Russia: Joseph Stalin’s grandson awaits court ruling on “slanderous” attacks on former Communist leader

Tomorrow, judges will rule on a complaint from Joseph Stalin’s grandson, who protests that Russian media attacks on the former Soviet leader breach human rights law.

The European Court of Human Rights will announce its decision in the case Dzhugashvili v. Russia (no. 41123/10) on 15 January.

The applicant, Yevgeniy Dzhugashvili, is a Russian national who was born in 1936 and lives in Moscow. The case concerns his complaint about two newspaper articles concerning his grandfather, Joseph Stalin, the former Soviet leader.

In April 2009, Novaya Gazeta, an opposition newspaper, published an article about the historical debate on the shooting of Polish prisoners in Katyń in 1940 and the role which the former Soviet leaders, including the applicant’s grandfather, had presumably played in those events.

Considering that the article slandered his grandfather, he sued the newspaper, its publisher and the author of the article for defamation. In October 2009 the first-instance court dismissed his claim, finding in particular that the publication contributed to a factual debate on events of exceptional public interest and importance and that the historical role of the applicant’s ancestor, a world-famous public figure, called for a higher degree of tolerance to public scrutiny and criticism.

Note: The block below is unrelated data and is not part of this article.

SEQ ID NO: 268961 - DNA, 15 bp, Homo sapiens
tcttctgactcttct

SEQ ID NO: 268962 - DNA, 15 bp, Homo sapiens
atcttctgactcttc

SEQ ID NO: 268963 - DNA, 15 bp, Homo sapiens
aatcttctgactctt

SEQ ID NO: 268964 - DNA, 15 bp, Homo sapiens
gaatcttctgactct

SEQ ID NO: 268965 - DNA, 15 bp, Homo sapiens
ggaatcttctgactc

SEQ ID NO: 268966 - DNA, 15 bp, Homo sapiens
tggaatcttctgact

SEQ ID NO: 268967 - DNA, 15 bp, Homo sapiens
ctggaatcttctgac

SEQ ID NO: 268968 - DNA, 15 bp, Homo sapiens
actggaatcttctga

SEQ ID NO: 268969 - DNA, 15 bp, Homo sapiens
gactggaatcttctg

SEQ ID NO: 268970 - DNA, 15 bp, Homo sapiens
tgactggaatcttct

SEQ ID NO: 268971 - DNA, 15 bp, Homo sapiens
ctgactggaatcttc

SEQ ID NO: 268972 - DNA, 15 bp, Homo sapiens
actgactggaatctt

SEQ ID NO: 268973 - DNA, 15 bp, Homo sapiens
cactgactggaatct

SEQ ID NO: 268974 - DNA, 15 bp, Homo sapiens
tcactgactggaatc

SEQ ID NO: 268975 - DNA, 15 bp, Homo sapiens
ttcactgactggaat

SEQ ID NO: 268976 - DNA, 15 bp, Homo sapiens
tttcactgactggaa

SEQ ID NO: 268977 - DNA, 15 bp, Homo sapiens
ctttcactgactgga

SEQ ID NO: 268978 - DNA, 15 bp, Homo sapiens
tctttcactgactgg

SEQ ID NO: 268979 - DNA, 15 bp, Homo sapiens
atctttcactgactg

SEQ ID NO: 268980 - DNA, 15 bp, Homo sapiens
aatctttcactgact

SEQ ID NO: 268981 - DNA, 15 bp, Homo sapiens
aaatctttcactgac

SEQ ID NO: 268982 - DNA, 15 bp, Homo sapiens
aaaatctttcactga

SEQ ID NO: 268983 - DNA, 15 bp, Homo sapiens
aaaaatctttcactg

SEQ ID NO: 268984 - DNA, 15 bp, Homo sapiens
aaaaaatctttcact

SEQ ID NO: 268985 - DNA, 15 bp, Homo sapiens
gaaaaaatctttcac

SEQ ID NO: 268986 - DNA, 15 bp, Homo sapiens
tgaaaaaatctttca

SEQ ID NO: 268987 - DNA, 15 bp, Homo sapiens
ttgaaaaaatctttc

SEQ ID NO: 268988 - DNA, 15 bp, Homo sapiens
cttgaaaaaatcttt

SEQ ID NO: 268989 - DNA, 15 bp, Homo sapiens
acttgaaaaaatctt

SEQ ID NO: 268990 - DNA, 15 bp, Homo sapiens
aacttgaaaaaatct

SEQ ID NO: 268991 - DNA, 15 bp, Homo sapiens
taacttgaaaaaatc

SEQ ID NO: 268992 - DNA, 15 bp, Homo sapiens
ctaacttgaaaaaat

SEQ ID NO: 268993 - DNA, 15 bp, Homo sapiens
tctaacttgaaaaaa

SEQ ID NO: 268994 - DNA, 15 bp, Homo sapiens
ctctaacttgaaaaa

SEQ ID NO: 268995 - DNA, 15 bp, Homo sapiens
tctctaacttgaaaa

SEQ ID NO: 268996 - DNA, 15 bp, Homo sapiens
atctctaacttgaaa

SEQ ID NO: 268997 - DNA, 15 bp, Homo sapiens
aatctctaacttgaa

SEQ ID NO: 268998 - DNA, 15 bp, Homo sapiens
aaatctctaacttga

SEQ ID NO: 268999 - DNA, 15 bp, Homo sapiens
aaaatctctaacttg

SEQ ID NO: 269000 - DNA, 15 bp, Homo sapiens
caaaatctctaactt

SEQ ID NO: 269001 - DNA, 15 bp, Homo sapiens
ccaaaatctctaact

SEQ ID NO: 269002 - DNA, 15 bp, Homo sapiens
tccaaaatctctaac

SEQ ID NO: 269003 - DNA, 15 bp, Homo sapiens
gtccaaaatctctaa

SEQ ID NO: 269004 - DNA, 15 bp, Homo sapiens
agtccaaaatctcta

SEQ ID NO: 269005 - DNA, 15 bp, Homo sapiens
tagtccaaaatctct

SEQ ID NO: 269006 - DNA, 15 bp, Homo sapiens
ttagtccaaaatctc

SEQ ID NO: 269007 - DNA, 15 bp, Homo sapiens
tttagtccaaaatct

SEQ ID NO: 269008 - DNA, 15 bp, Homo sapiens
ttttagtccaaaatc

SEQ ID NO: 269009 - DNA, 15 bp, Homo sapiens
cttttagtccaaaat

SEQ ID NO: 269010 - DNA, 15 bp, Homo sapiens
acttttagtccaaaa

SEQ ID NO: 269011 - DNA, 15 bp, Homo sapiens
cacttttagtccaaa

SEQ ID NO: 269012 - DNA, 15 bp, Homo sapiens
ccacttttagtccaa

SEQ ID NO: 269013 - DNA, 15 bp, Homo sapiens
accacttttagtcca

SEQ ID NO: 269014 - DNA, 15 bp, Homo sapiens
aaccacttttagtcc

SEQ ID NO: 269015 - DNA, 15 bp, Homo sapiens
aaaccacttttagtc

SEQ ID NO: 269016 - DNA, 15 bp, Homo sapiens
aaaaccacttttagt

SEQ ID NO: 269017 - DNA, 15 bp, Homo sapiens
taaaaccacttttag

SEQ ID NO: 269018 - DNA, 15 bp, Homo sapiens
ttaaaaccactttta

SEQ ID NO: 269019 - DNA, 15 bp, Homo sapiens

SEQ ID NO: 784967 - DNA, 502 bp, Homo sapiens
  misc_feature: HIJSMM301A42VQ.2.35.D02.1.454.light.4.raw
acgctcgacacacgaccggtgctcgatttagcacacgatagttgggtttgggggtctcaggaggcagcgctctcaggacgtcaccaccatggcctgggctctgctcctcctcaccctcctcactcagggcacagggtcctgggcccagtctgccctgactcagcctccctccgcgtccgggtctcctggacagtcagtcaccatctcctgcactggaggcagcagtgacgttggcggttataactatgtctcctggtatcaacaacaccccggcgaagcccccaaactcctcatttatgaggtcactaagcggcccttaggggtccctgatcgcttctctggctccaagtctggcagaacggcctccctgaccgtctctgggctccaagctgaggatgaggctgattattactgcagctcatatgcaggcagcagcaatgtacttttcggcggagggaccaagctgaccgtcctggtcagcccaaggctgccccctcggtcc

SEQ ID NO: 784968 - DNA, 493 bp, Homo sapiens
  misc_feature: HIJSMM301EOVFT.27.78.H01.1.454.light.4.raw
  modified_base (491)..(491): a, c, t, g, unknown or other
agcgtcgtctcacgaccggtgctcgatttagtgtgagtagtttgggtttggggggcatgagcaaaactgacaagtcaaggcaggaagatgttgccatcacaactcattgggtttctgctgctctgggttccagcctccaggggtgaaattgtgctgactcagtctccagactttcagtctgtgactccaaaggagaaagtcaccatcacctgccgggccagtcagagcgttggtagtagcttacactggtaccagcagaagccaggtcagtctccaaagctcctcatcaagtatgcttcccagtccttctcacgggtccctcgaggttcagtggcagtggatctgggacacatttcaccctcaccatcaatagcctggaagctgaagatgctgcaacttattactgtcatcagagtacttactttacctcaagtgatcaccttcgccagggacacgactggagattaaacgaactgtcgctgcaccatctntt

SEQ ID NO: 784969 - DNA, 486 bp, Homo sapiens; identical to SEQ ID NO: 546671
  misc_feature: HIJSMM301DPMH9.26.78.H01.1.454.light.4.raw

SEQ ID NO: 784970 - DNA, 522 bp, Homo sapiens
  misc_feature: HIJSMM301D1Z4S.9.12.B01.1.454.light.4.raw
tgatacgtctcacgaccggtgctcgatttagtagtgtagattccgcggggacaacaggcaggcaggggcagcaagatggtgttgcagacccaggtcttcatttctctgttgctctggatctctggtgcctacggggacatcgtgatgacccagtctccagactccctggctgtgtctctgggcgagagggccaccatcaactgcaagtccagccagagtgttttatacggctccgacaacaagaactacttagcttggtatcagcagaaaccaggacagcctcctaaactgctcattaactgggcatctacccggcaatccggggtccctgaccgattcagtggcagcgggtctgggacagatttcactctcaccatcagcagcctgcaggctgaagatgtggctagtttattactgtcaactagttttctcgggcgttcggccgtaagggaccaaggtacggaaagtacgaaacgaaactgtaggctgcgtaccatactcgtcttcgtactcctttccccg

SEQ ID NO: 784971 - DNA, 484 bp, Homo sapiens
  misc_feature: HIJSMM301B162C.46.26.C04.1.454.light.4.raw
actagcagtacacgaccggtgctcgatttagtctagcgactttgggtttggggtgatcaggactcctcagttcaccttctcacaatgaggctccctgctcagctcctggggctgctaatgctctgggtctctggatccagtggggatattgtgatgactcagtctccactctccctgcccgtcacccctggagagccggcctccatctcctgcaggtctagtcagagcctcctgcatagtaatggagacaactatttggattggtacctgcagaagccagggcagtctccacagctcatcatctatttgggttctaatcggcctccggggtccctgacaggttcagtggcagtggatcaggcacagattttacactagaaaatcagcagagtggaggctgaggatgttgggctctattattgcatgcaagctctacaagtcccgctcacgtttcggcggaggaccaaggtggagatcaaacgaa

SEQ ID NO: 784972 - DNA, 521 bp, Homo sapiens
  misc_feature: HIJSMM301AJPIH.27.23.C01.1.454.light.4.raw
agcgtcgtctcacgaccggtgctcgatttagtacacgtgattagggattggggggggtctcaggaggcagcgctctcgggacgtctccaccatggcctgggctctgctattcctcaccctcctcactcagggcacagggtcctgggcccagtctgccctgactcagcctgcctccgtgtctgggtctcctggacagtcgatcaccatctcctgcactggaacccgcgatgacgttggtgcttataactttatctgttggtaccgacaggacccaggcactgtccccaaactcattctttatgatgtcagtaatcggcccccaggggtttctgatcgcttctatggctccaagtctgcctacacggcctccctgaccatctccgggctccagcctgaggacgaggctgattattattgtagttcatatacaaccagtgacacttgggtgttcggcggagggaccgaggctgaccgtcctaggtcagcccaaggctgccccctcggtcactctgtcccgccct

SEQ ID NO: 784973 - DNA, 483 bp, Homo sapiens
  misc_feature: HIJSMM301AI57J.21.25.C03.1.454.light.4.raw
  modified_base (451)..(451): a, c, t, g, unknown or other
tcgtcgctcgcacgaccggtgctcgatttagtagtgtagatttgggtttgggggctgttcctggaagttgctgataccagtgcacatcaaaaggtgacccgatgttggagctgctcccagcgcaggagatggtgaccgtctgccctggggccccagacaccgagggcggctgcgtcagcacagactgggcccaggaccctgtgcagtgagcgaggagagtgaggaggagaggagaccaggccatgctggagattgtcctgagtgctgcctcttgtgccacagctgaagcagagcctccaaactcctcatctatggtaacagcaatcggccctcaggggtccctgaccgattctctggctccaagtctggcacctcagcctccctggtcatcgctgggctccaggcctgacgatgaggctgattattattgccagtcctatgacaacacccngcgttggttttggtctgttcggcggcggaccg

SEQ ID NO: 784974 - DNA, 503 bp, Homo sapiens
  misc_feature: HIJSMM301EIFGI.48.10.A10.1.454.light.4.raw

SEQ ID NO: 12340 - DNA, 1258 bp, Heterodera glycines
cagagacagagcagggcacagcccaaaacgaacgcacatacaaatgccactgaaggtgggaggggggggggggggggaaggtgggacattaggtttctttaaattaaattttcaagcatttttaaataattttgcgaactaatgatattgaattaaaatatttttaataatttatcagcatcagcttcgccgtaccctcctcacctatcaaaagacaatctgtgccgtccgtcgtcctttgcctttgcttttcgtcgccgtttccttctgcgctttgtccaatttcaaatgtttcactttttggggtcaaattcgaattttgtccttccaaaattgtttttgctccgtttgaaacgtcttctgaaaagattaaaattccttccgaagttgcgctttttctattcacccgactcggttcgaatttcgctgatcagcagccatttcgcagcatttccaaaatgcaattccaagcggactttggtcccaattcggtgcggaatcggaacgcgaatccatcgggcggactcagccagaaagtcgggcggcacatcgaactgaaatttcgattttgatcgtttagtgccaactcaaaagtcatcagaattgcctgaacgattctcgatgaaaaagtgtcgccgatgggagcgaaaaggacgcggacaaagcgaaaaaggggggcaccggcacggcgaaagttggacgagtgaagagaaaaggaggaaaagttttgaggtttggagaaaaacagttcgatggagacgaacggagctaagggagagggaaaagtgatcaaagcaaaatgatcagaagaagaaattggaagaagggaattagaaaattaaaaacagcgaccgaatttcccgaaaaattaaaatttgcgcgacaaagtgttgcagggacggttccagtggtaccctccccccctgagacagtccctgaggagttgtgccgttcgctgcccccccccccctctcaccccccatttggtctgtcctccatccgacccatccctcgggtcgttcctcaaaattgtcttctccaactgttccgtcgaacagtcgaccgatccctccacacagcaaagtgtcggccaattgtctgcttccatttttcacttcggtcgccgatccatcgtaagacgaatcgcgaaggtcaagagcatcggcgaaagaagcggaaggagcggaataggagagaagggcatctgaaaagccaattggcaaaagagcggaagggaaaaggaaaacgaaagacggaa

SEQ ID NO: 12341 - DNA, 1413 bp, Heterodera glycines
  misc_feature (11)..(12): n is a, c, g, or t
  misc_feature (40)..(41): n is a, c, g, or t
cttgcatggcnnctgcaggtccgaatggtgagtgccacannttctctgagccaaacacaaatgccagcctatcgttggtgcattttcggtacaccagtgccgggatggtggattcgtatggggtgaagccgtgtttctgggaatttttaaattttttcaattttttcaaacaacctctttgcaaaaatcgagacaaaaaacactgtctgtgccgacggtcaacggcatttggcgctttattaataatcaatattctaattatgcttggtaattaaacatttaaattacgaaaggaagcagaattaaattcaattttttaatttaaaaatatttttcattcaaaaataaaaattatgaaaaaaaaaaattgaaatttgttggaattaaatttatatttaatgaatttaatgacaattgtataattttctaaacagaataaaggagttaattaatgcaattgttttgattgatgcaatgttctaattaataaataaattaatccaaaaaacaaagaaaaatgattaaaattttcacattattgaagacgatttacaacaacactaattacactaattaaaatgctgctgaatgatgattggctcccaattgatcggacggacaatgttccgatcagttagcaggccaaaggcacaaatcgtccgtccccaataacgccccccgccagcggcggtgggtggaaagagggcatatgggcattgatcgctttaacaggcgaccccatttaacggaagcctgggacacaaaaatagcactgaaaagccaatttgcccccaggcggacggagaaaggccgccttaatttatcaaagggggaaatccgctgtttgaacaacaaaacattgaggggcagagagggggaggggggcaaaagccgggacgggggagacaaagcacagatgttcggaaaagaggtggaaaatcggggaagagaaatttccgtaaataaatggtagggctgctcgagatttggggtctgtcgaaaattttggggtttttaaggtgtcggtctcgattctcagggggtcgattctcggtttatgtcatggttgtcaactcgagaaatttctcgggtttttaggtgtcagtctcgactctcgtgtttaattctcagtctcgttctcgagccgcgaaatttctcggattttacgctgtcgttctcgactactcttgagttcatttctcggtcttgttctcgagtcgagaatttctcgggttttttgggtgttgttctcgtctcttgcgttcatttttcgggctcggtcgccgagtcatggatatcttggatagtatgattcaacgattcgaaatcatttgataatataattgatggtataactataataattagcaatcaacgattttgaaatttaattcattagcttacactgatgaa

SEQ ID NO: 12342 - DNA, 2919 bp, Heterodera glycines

Upheld on appeal, this judgment became final in December 2009. The debate was continued in another article which was published in Novaya Gazeta after the first-instance judgment and Dzhugashvili sued again, without success.

Relying in essence on Article 8 (right to respect for private and family life), Dzhugashvili complains that the national courts approved the slander of his grandfather.

Comments are closed.